Senate bill would force social media to tell users what their data is worth

Social media platforms tout many of their products as free, a price point consumers almost always find appealing. Two senators who disagree, claiming the costs are merely obscured, have devised a bill to show users how high they are.

The proposal from Sens. Mark Warner, D-Va., and Josh Hawley, R-Mo., would require companies with more than 100 million monthly active users to disclose what types of data they collect, how it’s being used, and what it’s worth. The Designing Accounting Safeguards to Help Broader Oversight and Regulations on Data Act, or DASHBOARD Act, would also force tech companies to inform users which third parties their information is being shared with and give them the option of deleting it.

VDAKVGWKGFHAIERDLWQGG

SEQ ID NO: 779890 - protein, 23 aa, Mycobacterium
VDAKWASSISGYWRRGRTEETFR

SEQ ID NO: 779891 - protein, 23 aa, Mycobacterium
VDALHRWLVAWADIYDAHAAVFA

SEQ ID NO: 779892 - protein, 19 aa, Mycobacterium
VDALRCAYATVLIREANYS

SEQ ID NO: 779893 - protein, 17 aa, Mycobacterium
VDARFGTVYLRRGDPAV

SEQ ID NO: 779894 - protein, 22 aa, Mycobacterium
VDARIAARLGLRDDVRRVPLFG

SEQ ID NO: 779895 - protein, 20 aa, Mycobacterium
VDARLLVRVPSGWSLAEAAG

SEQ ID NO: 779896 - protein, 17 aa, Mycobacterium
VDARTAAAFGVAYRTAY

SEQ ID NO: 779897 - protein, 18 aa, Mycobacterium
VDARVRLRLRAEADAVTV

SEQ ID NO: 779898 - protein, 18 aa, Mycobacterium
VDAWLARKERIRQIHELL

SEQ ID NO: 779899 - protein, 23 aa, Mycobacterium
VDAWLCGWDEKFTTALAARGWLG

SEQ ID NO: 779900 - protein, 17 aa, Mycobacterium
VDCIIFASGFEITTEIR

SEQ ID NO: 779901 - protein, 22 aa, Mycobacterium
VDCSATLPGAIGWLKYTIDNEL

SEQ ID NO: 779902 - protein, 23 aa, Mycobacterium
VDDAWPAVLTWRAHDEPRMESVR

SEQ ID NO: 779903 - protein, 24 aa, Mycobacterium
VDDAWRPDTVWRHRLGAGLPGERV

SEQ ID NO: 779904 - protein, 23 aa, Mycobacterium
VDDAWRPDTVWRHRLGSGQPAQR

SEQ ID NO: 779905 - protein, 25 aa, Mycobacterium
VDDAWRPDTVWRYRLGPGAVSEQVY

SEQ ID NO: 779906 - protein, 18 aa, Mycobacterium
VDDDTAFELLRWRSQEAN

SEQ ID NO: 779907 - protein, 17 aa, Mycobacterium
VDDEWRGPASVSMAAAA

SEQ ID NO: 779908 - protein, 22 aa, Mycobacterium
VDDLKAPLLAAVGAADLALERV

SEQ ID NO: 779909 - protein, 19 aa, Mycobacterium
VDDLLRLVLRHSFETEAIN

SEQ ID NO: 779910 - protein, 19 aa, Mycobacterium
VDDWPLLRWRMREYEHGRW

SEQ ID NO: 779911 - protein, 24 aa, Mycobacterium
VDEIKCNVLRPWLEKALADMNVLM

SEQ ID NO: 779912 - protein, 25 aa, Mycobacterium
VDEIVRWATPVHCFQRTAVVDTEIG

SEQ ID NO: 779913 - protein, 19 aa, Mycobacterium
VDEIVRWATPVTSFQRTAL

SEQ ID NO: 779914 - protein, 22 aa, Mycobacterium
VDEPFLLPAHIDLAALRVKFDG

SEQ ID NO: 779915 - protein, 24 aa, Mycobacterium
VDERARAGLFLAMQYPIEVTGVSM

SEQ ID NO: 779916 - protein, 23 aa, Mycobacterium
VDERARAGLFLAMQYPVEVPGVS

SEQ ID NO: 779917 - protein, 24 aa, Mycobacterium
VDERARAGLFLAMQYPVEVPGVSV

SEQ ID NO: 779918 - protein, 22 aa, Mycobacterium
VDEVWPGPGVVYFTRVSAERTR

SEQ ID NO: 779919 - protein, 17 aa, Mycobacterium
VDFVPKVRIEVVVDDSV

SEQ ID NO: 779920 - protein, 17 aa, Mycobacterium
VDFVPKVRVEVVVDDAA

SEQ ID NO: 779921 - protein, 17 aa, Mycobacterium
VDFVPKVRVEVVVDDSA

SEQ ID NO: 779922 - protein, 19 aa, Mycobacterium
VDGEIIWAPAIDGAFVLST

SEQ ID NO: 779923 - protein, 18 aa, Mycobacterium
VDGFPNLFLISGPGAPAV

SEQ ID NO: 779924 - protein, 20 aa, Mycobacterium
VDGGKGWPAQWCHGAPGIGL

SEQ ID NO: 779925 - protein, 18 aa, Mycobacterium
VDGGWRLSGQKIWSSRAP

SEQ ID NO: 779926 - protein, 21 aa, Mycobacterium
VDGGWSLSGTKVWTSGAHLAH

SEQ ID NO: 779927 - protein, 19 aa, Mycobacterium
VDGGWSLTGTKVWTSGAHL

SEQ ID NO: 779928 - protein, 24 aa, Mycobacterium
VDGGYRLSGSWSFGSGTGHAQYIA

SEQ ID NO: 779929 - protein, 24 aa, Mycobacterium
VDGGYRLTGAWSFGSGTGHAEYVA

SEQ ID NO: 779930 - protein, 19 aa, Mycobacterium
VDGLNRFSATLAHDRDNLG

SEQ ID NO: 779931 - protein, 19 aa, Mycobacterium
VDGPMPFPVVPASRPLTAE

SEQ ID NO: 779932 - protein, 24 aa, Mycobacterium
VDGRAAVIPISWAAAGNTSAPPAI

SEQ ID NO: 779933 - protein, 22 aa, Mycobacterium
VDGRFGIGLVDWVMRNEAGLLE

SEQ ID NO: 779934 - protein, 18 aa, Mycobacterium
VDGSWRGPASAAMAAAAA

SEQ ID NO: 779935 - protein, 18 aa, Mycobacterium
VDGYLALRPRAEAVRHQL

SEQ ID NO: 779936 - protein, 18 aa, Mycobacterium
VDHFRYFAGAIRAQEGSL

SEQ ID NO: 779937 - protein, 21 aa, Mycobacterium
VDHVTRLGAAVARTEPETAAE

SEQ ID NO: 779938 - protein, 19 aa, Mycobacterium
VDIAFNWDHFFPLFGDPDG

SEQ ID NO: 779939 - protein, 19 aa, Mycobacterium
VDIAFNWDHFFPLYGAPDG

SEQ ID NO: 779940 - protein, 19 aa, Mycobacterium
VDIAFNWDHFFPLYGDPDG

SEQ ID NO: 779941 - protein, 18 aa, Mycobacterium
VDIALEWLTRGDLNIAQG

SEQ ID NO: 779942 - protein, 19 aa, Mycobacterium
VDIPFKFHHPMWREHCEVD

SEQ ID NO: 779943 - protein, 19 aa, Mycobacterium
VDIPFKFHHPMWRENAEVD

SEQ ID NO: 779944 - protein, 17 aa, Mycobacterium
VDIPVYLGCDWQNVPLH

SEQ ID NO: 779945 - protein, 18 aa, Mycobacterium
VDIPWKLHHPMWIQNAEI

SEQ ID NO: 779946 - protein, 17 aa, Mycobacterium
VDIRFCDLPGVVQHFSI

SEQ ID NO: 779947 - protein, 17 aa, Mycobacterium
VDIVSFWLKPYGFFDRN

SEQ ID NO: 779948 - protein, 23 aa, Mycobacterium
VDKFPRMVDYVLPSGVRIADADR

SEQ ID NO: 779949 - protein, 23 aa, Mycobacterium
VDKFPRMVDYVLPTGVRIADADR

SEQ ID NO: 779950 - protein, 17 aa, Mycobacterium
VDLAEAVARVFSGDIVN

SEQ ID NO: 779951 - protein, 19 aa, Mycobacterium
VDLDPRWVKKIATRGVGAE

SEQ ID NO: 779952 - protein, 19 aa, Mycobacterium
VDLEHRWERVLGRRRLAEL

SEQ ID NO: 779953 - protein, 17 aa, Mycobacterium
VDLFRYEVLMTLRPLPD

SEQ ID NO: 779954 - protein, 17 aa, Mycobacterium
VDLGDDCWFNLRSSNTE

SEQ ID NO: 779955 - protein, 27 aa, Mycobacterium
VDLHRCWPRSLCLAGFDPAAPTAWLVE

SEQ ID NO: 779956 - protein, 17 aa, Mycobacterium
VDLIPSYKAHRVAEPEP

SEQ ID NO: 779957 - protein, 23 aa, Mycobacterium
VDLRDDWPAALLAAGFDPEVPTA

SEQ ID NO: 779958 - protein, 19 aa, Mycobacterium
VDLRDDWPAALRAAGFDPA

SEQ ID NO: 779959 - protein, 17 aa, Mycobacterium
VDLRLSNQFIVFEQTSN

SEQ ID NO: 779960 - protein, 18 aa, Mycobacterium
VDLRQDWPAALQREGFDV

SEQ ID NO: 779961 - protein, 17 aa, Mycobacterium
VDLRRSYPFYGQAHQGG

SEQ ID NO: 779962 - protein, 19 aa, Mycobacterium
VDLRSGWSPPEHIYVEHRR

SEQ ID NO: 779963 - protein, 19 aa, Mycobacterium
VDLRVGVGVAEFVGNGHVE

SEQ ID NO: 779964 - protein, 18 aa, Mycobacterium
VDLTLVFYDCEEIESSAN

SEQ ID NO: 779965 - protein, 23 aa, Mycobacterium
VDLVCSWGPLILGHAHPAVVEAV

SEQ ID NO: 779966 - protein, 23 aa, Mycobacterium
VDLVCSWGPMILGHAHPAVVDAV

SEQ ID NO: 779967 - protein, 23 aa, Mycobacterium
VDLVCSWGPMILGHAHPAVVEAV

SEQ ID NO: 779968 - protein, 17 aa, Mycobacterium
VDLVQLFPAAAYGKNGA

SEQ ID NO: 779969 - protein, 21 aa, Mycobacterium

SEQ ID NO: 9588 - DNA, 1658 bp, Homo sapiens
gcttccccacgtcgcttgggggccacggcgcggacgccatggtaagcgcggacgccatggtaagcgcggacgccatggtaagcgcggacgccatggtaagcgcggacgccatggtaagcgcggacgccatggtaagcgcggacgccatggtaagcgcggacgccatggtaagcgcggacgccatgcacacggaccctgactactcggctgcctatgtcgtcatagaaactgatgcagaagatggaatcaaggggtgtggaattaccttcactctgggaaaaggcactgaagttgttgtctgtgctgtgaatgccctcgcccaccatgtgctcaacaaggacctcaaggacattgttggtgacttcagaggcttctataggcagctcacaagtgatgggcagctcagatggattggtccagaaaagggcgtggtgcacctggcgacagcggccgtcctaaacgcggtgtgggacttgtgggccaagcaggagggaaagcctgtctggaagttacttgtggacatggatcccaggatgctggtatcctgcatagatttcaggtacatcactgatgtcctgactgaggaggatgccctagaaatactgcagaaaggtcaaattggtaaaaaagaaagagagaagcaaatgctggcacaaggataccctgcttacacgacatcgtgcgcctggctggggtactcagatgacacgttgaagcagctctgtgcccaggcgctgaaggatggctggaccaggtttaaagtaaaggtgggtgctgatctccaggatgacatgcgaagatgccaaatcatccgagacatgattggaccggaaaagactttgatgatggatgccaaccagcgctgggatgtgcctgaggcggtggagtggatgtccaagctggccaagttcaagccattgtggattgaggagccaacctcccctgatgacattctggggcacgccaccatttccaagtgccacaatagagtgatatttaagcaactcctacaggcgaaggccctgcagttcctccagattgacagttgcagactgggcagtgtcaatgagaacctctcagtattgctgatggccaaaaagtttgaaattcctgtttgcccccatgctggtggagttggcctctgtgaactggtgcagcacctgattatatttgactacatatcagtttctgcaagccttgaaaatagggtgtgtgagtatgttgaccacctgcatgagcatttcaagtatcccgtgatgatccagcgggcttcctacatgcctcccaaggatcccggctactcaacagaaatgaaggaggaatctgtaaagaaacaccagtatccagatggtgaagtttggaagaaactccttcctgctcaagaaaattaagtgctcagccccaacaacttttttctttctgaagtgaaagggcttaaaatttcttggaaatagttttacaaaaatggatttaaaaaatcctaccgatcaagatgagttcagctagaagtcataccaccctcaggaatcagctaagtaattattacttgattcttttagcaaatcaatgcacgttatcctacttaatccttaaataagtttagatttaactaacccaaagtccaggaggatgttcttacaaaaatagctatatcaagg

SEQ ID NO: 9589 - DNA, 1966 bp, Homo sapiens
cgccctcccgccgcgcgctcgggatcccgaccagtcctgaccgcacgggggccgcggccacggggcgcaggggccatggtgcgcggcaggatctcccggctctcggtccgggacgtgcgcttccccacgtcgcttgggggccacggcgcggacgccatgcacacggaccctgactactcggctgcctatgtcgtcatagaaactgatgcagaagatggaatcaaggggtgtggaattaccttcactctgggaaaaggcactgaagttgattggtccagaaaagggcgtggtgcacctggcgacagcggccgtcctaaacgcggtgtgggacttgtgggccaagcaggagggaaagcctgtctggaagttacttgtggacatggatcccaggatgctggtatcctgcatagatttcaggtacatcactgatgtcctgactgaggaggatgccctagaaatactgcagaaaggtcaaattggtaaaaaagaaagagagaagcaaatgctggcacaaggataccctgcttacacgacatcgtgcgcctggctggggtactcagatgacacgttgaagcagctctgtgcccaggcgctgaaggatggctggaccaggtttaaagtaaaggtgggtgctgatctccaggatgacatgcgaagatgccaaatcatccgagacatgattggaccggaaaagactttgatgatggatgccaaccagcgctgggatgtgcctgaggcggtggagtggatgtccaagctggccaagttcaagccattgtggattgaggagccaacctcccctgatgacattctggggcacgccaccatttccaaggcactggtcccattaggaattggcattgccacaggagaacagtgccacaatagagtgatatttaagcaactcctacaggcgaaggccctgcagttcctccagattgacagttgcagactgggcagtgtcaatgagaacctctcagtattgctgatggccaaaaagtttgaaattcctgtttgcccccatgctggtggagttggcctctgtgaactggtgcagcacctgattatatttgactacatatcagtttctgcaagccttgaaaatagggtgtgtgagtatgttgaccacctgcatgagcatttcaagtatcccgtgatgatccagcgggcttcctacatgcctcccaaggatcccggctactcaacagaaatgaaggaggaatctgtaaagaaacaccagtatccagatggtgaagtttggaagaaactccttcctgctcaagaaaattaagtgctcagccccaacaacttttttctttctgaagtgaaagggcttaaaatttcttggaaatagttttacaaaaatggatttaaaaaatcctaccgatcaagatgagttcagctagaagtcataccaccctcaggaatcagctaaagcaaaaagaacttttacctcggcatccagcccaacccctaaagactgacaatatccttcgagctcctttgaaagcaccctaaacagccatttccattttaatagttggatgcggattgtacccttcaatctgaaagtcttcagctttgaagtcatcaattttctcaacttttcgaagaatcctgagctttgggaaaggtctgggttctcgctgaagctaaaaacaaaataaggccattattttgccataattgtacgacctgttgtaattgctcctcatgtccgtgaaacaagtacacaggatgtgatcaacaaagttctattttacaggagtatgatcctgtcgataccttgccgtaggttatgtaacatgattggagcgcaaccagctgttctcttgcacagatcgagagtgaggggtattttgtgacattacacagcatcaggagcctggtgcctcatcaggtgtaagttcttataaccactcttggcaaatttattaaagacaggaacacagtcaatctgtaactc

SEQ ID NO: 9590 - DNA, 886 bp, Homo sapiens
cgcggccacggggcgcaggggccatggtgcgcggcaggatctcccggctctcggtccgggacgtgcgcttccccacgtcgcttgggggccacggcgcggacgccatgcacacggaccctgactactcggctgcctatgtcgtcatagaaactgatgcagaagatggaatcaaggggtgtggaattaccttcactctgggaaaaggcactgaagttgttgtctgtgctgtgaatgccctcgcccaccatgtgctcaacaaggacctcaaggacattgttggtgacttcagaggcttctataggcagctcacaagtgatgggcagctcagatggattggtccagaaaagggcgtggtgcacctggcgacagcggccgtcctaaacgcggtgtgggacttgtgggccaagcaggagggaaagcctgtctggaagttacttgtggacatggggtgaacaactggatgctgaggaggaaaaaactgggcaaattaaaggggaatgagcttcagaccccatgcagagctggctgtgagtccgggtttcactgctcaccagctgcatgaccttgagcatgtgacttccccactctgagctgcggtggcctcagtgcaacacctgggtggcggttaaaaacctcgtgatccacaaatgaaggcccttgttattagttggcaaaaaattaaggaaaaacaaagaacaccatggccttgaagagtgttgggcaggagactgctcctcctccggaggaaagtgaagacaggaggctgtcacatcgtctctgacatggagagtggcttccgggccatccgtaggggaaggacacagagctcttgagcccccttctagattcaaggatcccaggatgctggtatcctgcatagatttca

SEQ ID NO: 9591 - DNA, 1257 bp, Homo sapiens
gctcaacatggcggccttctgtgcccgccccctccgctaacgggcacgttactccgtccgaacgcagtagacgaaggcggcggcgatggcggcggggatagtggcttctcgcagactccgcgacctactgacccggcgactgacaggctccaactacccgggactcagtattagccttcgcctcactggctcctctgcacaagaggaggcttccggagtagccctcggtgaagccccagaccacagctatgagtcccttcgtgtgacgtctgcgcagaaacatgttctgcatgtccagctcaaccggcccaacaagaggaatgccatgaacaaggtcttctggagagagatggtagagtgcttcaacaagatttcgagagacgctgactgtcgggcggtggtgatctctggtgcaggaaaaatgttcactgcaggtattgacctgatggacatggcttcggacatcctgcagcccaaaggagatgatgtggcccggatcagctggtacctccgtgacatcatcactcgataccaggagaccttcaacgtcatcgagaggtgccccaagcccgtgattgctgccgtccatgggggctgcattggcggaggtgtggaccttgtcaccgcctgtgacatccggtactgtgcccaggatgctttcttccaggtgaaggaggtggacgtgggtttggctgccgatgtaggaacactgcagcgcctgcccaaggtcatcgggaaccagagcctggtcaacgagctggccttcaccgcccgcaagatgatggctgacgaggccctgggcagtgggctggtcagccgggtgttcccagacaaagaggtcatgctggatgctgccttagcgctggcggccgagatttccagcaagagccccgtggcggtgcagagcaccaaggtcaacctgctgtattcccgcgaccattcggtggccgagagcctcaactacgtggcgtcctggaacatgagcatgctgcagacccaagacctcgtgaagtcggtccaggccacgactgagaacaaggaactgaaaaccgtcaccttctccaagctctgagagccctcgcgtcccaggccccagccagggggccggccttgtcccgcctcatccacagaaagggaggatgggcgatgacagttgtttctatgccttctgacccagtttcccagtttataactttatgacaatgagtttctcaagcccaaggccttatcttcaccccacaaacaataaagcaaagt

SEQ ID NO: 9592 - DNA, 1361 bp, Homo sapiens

“For years, social media companies have told consumers that their products are free to the users. But that’s not true — you are paying with your data instead of your wallet,” Warner said in a statement. “The overall lack of transparency and disclosure in this market have made it impossible for users to know what they’re giving up, who else their data is being shared with, or what it’s worth to the platform.”

Among the tech companies that would have to comply with the measure are Facebook, Twitter, and Google. Facebook, which has more than 2.3 billion monthly active users, disclosed in filings with the Securities and Exchange Commission earlier this year that its average revenue per user was $6.42.

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